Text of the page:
Cite Your References Please

In business writing classes I often hear questions like these:

My boss says never to use a comma with and. Is that correct?

My manager says never to start a sentence with but. Is she right?

Our newsletter editor says never to start a sentence with however. Is that a rule?

I hear so many so-called rules and nevers. Where do they come from? No one knows for certain. That is why I counsel people this way:

Ask your managers (bosses, editors, etc.) to cite their references please.

It’s not enough for the boss to say "I learned it this way." The rules have changed, and many times our bosses’ teachers (and our own) were simply wrong.

If you work with someone who has a rule that seems odd or a never that you question, simply ask the person to cite his or her references. If a style guide can’t be produced that supports the "rule," then can’t we safely ignore or reject it?

I describe several style manuals on my web site here. Get one of those volumes or another respected manual (one published in this century) to use on the job.

To help your manager break free of slavishly following old-fashioned or incorrect rules, try a conversation like this one:

Your manager: I changed this sentence. It’s incorrect to start a sentence with and.

You: That’s fine with me. I want to be sure that I am following all the latest rules, though, and I checked The Gregg Reference Manual. It said that starting a sentence with and can be effective if it is not overused. Which reference book says it is incorrect? [Then hold your breath.]

It’s another thing, of course, if your manager simply doesn’t like to begin sentences with and. If it is simply a preference, meet your reader’s needs.

I’ve written about the questions I used to start this post (above). Check out these entries:

Can "And" or "But" Start a Sentence? (includes however)

Commas With "And"

Enjoy.

Lynn

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Lynn Gaertner-Johnston has helped thousands of employees and managers improve their business writing skills and confidence through her company, Syntax Training. In her corporate training career of more than 20 years, she has worked with executives, engineers, scientists, sales staff, and many other professionals, helping them get their messages across with clarity and tact. A gifted teacher, Lynn has led writing classes at more than 100 companies and organizations such as MasterCard, Microsoft, Boeing, Nintendo, REI, AARP, Ledcor, and Kaiser Permanente. Near her home in Seattle, Washington, she has taught managerial communications in the MBA programs of the University of Washington and UW Bothell. She has created a communications course, Business Writing That Builds Relationships, and provides the curriculum at no cost to college instructors. A recognized expert in business writing etiquette, Lynn has been quoted in "The Wall Street Journal," "The Atlantic," "Vanity Fair," and other media. Lynn sharpened her business writing skills at the University of Notre Dame, where she earned a master's degree in communication, and at Bradley University, with a bachelor's degree in English. She grew up in suburban Chicago, Illinois.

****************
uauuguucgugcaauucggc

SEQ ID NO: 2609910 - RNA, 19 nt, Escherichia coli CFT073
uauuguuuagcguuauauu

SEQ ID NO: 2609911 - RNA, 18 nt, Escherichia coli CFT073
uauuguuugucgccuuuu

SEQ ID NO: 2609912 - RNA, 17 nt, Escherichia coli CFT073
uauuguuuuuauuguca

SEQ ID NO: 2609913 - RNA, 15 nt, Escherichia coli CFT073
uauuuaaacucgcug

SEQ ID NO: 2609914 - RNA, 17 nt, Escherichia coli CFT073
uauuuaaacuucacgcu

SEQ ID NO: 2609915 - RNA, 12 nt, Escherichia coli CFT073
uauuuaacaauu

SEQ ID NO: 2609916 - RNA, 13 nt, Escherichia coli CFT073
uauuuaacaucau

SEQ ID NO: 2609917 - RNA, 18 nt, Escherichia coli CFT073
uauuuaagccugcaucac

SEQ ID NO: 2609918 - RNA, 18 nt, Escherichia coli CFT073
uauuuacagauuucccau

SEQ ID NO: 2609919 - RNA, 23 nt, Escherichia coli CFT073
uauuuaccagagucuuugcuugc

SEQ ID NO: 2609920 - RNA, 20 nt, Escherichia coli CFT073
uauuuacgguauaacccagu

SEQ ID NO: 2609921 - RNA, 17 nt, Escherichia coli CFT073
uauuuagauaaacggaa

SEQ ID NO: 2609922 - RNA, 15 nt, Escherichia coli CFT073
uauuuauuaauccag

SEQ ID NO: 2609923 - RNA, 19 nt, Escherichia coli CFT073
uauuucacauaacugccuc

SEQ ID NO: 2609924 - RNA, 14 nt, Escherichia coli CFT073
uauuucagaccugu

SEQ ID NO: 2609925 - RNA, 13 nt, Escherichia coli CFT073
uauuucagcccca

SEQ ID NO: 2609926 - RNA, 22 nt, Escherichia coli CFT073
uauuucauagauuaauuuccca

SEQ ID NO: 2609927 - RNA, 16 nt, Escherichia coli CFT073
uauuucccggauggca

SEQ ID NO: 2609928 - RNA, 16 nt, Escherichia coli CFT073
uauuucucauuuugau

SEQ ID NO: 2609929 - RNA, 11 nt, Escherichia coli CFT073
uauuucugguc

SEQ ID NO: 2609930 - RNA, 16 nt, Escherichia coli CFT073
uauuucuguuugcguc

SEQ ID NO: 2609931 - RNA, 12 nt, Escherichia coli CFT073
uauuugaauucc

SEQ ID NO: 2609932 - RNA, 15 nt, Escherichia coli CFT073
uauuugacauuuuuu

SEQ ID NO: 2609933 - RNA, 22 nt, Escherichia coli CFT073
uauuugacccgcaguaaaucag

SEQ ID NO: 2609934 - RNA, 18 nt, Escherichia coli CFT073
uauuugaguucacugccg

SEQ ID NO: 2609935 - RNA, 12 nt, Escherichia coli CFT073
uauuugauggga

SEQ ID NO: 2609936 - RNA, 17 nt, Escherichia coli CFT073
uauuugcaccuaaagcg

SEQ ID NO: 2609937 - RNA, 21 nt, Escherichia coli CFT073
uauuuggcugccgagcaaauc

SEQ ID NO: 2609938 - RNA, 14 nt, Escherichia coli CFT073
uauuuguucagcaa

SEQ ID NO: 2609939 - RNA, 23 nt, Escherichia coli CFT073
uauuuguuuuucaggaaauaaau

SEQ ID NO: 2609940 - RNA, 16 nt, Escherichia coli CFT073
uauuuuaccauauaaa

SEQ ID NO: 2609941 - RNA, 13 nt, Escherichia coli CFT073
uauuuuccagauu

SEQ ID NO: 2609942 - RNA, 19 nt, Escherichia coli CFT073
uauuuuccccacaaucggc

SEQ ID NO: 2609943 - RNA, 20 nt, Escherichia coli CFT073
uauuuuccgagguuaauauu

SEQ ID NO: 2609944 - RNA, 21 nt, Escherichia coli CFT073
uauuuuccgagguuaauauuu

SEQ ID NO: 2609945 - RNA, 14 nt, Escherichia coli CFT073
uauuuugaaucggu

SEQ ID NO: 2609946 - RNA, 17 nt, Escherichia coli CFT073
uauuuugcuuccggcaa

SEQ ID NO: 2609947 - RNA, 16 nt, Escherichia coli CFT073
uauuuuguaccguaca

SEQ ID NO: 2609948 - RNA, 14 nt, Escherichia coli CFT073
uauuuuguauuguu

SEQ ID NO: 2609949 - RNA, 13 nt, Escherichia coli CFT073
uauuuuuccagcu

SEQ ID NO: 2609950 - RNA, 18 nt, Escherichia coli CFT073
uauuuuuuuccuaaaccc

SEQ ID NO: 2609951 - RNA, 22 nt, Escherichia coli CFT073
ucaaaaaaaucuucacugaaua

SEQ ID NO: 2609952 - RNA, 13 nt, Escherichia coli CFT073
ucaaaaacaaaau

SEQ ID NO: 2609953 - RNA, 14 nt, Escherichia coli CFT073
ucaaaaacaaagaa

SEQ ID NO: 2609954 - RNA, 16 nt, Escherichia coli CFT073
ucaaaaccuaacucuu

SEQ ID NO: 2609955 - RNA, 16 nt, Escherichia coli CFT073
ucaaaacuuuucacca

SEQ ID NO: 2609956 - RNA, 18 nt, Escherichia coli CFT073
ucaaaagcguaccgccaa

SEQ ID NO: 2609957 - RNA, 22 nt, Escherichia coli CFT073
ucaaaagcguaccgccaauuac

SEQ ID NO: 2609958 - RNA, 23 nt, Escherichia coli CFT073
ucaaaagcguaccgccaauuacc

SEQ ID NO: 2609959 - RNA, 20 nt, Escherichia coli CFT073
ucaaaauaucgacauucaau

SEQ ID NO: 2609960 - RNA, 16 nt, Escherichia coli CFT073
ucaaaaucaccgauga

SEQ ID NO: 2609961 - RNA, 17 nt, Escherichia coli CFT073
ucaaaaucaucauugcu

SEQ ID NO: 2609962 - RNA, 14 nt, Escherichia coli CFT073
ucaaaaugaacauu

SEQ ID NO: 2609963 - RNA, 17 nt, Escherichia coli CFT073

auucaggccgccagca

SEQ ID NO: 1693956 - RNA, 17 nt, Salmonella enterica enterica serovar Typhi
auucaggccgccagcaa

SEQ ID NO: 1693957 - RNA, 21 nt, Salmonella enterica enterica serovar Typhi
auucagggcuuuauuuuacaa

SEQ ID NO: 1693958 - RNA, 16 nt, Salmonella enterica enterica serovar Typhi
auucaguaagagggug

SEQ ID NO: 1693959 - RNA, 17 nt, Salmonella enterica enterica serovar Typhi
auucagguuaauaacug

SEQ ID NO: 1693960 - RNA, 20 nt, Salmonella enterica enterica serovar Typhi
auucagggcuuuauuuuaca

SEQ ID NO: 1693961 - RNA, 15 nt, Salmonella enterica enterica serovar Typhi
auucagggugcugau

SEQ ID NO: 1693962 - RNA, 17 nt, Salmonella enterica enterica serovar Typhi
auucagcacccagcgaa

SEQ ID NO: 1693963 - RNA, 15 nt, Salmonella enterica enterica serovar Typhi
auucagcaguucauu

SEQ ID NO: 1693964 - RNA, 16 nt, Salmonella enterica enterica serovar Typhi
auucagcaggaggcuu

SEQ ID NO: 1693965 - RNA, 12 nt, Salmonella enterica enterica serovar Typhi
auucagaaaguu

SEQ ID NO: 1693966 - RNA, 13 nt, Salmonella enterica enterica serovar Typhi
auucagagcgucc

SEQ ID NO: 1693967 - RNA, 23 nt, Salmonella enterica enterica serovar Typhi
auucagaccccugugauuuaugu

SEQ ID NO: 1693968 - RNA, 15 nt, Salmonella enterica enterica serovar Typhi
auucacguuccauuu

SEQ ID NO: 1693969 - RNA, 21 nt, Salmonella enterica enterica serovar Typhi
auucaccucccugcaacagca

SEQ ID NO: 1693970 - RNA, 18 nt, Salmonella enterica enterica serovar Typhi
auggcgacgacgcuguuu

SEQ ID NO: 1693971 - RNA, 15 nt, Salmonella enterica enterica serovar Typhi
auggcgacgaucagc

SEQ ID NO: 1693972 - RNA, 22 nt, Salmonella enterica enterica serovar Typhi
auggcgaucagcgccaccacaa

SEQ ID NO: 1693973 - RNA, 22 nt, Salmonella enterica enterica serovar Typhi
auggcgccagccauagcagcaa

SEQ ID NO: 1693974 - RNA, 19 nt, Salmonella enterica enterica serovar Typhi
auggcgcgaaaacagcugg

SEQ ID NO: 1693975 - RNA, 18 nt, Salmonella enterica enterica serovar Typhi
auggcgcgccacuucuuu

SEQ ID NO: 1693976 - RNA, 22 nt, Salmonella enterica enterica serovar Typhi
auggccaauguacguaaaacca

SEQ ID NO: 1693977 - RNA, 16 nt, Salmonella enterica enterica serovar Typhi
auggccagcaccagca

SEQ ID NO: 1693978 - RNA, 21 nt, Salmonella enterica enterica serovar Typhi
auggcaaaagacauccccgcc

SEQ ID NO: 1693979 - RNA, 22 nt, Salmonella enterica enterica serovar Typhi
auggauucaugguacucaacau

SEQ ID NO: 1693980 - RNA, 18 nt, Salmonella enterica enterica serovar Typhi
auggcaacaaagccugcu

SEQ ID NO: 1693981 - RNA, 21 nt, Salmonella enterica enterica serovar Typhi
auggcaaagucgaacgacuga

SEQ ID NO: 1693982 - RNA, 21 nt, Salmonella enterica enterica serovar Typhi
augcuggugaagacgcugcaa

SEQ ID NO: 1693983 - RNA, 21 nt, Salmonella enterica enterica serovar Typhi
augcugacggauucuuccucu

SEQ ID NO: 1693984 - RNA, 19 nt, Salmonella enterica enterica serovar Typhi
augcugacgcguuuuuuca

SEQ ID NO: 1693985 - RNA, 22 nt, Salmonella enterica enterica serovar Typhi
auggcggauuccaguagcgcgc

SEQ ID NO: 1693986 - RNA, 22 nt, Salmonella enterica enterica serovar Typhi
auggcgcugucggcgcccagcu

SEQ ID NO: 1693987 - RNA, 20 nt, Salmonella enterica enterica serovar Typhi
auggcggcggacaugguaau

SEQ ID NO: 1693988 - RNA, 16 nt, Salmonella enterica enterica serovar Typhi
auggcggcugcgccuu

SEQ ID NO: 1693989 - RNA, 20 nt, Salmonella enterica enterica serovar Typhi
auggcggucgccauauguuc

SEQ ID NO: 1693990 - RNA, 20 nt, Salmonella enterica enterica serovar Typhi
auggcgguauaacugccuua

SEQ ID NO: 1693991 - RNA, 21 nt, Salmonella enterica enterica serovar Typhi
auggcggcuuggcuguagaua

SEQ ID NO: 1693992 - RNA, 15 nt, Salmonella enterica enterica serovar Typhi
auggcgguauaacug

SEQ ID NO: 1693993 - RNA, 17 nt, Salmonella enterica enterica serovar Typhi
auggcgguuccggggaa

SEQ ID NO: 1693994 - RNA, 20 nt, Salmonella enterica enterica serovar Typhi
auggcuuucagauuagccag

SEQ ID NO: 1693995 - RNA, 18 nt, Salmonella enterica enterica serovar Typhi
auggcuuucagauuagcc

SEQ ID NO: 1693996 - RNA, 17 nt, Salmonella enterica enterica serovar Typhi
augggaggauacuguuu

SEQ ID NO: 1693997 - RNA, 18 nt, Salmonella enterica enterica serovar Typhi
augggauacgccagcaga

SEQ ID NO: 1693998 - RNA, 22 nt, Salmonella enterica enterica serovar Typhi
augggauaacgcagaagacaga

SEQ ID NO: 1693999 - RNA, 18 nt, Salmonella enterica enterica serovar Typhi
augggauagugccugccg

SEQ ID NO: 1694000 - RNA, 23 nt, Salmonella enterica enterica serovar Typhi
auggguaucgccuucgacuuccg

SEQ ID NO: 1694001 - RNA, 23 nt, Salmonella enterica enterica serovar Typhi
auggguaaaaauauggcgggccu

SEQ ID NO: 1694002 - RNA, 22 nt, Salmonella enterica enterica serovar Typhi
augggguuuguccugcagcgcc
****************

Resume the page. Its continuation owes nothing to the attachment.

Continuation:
2 COMMENTS

  1. I remember my wife, years ago, being castigated by a college professor for using a single sentence paragraph in an assignment. Can you believe that?

    Recently a client of mine called me to pick through the minutiae of some website copy I’d written for them. Apparently they’d sent it around the office and there were questions raised about the occasional comma before and, and the correct usage of the semi-colon.

    I took a deep breath and talked them through each of their concerns. The copy, incidentally, was fine — we didn’t end up changing anything.

    Rules and style guides are fine — as far as they go. By all means be aware of the “rules”, but don’t be afraid to ignore them if/when the situation warrants it.

    The message is the most important thing — and if your message is conveyed more effectively by bending a few rules, then go for it.

    Cheers,

    Calvin!

  2. Calvin, I agree. I don’t mind adherence to the rules, though, if the product is successful. It’s when we follow imagined or misunderstood rules. Those “rules” slow us down and get in the way of good writing.

    I enjoyed your examples.

Comments are closed.